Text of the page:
The Gunsmith apprenticeship standard is finally approved. Now while what you see in the link below is a couple of pages of text, the work behind getting to this point cannot be underestimated. It has taken weeks of hard work and meetings with the department of education to get this over the line. There has NEVER been a government funded Gunsmithing school in the UK, this is changing and will soon be realised. I’d like to personally thank Graham Greener, Gary Clarke (ex Boss), Tony White, Marc Newton (Rigby), Pete Boxall, James Edminston and the guys at Viking Arms for the support up to this point. BASC have also now pledged support.

The next step is to finalise the end point assessment, which in short allows apprentices to be graded against the standard.

To reiterate this means training costs to employed apprentices is at no cost to the employer. A meeting is also planned with GCCT (Gunmakers Company Charitable Trust) that will make it even more compelling for a business in the sector to take an apprentice. NO BUSINESS CAN GROW WITHOUT THE RIGHT PEOPLE.

The Gunsmith Academy is brand agnostic and being set-up for the benefit of the wider trade. It is my belief that this is the best opportunity presented to the UK Gun trade to revive itself for a very long time. It is gathering pace week on week and as such I (Steve Horton) have decided to scale back my own business (W Horton & Sons) to by appointment only from 1st June (for a period of time) to take up an unpaid position of Principal of the Gunsmith Academy to ensure it has the best start.

I’m interested in hearing from businesses within the sector who would like an apprentice (potentially at zero cost), people who would be interested in becoming a trainer (full or part time) and also young people who wish to become an apprentice.

You can reach me on email at info@hortonguns.co.uk . For those who have already made contact I will be coming back to you the first week in June. Start date for Apprentices will be September 2018.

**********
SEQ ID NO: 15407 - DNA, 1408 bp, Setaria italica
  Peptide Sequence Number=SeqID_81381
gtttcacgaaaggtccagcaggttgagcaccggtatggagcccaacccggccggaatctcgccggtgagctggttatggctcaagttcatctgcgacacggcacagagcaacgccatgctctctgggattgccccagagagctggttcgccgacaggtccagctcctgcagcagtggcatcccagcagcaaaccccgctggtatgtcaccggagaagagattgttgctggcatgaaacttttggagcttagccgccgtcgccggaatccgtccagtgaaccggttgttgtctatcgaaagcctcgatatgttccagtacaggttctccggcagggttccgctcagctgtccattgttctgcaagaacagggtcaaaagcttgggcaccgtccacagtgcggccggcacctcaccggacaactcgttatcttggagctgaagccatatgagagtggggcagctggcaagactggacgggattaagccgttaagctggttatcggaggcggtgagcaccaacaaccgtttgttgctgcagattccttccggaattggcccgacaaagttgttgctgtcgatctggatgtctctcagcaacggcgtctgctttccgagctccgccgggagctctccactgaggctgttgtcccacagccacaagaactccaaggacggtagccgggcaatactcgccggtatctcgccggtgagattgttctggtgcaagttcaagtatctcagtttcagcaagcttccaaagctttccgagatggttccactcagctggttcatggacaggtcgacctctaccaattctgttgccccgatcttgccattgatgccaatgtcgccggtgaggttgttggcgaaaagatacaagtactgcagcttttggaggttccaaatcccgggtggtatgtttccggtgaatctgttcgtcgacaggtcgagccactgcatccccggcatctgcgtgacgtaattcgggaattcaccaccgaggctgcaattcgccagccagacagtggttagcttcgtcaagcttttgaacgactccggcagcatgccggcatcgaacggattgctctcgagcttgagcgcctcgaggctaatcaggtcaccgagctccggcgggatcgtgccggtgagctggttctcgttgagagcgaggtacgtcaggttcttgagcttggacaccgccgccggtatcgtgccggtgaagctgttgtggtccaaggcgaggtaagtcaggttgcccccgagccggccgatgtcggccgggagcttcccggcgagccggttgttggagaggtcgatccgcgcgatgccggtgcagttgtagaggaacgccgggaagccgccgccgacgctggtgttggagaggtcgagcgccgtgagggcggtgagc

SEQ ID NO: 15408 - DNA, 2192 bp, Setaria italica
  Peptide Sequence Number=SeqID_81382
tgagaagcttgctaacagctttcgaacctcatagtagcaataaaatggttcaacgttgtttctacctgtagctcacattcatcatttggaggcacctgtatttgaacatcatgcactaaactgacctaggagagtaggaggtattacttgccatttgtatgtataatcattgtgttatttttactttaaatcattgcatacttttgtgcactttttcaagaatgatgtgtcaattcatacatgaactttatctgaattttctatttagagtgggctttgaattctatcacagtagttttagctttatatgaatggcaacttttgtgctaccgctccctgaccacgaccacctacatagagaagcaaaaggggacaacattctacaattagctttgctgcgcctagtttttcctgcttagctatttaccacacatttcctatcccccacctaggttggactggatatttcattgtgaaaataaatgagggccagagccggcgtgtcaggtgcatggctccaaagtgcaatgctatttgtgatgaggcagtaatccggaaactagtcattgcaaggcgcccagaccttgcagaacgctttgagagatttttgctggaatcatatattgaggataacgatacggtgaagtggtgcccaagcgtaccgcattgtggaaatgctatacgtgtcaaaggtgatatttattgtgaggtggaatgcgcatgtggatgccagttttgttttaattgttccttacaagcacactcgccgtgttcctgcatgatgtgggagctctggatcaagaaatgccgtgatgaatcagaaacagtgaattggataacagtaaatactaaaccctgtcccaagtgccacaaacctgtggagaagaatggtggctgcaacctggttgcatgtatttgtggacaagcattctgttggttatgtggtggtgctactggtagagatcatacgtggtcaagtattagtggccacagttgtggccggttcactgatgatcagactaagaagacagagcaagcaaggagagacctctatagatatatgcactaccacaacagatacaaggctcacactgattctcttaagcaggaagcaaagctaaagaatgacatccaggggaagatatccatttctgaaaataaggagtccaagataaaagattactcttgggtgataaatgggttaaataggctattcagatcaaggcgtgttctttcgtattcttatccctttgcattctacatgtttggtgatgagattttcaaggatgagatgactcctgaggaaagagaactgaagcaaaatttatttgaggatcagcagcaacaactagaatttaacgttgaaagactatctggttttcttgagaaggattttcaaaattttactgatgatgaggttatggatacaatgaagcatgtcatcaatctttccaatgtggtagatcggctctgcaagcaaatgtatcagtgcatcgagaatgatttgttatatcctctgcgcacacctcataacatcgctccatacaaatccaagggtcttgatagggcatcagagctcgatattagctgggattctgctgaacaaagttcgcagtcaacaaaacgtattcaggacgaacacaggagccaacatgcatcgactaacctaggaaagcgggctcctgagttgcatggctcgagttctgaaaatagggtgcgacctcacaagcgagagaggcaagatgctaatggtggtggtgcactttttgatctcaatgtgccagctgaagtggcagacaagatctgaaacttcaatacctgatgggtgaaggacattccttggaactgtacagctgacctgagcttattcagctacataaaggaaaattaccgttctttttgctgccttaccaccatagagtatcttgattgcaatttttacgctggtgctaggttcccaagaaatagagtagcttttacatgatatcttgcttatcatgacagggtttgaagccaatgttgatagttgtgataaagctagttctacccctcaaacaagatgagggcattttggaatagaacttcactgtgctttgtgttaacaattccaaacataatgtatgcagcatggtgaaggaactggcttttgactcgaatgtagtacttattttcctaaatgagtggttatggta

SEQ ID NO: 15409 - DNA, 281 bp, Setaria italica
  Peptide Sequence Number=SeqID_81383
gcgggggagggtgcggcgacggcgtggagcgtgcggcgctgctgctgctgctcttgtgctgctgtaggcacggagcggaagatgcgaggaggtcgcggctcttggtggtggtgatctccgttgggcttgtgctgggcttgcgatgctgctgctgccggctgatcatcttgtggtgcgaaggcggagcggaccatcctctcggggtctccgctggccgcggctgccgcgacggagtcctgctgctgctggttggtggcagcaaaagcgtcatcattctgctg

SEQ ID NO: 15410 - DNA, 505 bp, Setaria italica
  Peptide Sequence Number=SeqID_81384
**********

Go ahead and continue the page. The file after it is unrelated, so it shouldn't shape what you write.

You can read the published Gunsmith Apprenticeship Standard here

Apprenticeship standard receives support of IET

It is with great pleasure that I announce the IET (Institute of Engineering and Technology) are supporting and assisting with development of the Gunsmith apprenticeship standard.

So who are IET? They are the worlds largest institution for professional engineers. Being a member of the IET allows a wide range of engineers to continue professional development throughout their career.

So what does this mean? The IET have looked at the draft apprenticeship standard and agreed that it meets level 3 competency which is the same level of competency for example as an aircraft engineering technician amongst others. It means that any apprentice completing the standard will be able to gain professional membership of IET and display the logo as officially accredited member. It also allows any apprentice to access a variety of further educational routes.

Now in isolation this means very little to most, however you must remember that ‘Gunsmiths’ in the UK have never been viewed as a professional outside of our rather insular sector. By aligning the apprenticeship standard in such a way it gives credibility outside of our sector and will only serve to strengthen our trade for years to come.

The standard is not being written to preclude those competent smiths in our trade already, it is our desire to include those in the sector already and assist them with professional development for the long term. Once the standard is published any competent smith can opt to go through the assessment route and top up training where they specifically lack experience. Yes there will be a cost although this will be the lowest it can be and also not time dependant.